DETROIT (Reuters) -- Industry consultants LMC Automotive and J.D. Power said they cut their joint 2014 forecast for U.S. auto sales to adjust for slow sales in January and February due to cold weather.
LMC-J.D. Power estimated that sales would be 16.1 million this year, down from their previous forecast of 16.2 million.
For March, the consultancies forecast a sales increase of 2.2 percent to 1.19 million vehicles, which translates to an annualized selling rate of 15.8 million vehicles. Last March, the annualized selling rate was 15.3 million vehicles.
"The selling pace for the year was slow out of the gate, but the industry remains poised for stable growth in the near- to mid-term," said Jeff Schuster, senior vice president of forecasting at LMC Automotive.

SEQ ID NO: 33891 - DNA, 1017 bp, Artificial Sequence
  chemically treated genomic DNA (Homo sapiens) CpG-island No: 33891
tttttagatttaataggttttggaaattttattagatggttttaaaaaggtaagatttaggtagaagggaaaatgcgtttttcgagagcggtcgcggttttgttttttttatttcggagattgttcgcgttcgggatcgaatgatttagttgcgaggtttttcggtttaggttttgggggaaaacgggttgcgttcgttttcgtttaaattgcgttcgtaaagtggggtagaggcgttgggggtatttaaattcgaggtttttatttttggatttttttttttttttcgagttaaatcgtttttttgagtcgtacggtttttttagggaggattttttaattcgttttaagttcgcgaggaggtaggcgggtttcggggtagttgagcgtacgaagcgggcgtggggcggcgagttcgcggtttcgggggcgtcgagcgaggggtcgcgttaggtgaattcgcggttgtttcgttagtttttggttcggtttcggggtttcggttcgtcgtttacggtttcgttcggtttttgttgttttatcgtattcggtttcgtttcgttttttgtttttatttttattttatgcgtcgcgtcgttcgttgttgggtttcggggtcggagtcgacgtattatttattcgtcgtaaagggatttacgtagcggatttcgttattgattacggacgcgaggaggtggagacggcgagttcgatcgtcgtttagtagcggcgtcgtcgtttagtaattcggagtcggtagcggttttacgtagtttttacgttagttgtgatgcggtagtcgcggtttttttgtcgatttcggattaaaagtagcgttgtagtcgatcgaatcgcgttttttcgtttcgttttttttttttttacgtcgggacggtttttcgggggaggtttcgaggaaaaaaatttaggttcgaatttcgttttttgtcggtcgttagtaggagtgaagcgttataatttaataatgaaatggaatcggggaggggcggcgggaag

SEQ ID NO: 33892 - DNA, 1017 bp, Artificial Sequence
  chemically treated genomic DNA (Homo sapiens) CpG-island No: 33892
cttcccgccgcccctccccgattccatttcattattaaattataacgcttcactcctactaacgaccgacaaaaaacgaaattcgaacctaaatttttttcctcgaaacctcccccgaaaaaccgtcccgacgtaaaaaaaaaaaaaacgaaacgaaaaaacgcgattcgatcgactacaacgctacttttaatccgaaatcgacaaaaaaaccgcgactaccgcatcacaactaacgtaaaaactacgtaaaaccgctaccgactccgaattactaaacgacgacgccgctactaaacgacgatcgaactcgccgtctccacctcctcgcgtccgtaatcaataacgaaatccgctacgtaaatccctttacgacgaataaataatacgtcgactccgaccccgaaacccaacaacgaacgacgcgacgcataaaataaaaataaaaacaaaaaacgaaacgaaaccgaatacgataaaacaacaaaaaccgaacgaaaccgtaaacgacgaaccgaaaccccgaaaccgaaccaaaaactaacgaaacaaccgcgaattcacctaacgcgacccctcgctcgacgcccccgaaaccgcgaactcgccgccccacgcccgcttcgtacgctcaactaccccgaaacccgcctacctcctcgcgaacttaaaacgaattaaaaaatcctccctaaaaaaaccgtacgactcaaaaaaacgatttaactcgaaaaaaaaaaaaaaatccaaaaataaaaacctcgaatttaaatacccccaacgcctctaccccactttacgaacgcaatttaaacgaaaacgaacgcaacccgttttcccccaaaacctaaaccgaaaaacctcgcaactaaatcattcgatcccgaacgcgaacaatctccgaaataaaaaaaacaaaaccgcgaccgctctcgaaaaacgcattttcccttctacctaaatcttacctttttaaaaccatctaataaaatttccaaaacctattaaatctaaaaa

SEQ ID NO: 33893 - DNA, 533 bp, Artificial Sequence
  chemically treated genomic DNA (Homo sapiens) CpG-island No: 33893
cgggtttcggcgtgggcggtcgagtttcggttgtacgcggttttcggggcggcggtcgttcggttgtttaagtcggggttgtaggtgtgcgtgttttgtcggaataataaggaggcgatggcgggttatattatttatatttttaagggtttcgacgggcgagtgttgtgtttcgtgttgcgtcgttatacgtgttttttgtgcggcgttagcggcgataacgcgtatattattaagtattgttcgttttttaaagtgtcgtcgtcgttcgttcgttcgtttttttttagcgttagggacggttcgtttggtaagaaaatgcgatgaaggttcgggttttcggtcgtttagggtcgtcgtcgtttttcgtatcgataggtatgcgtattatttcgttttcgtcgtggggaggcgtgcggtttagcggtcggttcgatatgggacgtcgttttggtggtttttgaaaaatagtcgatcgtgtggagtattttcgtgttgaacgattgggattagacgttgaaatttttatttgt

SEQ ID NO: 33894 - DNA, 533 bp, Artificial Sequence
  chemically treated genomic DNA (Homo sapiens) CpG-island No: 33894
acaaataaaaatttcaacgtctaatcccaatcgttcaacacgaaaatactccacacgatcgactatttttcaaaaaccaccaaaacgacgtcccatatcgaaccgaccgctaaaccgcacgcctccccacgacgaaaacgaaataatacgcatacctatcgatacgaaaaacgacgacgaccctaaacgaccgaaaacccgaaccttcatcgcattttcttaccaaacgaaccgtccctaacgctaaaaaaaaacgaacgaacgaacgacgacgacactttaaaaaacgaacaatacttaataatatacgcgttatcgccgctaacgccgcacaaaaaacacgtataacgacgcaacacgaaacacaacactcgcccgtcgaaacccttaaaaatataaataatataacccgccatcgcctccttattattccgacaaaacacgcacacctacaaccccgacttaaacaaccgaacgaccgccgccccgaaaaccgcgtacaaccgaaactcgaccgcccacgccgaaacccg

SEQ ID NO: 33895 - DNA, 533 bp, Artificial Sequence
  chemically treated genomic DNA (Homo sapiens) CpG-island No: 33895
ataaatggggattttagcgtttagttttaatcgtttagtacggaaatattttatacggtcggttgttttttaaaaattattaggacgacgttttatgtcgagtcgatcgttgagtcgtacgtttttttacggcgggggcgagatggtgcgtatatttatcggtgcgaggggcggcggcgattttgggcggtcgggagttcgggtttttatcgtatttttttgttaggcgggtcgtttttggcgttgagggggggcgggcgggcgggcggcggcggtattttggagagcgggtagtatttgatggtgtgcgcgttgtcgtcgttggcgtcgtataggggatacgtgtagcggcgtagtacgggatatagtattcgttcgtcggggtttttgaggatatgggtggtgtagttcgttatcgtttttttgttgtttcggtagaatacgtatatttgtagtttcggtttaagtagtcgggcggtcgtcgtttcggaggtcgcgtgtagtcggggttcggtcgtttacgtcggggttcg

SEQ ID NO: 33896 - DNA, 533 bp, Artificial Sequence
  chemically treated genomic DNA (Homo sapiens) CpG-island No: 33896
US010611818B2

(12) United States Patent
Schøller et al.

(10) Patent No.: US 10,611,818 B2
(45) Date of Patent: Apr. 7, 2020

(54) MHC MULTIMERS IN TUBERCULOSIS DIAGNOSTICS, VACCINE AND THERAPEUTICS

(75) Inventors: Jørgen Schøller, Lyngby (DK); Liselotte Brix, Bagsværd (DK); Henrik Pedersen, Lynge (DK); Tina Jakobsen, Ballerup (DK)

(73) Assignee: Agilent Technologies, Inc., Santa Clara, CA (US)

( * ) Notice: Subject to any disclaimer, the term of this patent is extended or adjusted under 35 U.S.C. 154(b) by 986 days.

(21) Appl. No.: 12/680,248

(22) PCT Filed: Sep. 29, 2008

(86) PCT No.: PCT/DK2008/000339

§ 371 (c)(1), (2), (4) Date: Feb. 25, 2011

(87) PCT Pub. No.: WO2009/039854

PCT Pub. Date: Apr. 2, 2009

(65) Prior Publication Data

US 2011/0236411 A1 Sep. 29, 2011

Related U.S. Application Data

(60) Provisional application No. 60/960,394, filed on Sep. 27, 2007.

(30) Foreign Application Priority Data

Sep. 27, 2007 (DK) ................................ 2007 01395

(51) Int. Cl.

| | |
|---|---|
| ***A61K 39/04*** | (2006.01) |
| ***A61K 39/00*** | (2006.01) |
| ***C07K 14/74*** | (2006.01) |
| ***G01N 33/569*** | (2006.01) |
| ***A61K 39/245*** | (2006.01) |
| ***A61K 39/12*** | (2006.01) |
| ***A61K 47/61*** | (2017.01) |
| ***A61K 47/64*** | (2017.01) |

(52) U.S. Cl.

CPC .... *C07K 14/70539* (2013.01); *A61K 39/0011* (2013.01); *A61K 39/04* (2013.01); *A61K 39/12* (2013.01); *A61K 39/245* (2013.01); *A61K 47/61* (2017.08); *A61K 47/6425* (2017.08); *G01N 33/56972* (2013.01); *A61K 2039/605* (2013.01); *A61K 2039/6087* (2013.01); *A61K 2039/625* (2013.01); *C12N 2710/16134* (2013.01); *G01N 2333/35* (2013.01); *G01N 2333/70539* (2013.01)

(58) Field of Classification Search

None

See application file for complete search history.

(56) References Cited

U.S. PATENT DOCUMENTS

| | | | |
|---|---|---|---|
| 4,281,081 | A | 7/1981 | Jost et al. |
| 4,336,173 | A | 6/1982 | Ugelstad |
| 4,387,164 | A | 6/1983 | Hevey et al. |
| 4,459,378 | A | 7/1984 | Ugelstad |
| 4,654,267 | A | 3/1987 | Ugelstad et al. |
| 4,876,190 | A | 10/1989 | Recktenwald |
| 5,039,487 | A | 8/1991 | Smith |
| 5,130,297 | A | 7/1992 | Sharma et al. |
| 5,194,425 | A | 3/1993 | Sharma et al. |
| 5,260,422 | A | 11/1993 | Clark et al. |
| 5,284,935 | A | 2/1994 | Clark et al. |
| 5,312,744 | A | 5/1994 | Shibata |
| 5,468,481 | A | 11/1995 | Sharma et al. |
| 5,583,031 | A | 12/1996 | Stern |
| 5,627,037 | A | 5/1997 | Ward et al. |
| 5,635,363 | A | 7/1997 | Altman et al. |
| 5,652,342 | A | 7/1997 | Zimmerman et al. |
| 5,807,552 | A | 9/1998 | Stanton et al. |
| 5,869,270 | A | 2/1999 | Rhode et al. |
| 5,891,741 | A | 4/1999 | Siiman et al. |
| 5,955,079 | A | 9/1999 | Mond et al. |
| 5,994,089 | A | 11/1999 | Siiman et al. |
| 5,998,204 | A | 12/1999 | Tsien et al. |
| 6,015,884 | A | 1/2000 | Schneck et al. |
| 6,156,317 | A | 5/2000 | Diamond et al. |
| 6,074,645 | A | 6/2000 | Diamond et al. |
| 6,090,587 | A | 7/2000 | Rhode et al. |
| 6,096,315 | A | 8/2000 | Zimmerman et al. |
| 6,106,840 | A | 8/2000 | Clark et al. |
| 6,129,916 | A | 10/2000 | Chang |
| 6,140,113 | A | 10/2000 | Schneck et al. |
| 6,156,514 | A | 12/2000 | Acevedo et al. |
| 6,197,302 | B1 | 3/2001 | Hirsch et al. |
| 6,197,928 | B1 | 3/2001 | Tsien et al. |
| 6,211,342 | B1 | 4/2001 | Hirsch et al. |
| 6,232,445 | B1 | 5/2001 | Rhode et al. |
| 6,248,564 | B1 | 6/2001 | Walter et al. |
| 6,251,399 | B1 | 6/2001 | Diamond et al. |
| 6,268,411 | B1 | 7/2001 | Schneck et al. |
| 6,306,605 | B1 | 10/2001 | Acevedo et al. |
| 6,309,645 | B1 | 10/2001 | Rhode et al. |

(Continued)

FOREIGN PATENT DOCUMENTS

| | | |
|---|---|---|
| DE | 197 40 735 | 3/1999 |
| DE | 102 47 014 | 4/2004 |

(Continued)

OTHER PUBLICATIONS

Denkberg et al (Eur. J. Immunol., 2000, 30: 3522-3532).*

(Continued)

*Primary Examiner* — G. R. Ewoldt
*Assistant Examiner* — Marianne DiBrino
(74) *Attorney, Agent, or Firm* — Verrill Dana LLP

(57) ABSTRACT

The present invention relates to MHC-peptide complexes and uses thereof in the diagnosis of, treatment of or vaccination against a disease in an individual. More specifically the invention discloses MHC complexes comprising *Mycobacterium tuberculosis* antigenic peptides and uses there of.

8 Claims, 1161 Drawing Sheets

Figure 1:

U.S. auto sales compared with a year ago were down 3.1 percent in January and flat in February.
February's annualized selling rate was 15.36 million vehicles and January's was 15.20 million vehicles, according to the Automotive News Data Center.
Production for the first quarter is seen up 4 percent, said LMC's Bill Rinna, senior manager of forecasting.
Full-year 2014 auto production for North America is forecast at 16.5 million vehicles, with an increase of 7 percent to 3.1 million vehicles in Mexico, an increase of 3 percent to 11.1 million vehicles in the United States and a drop of 5 percent to 2.3 million vehicles in Canada, LMC said.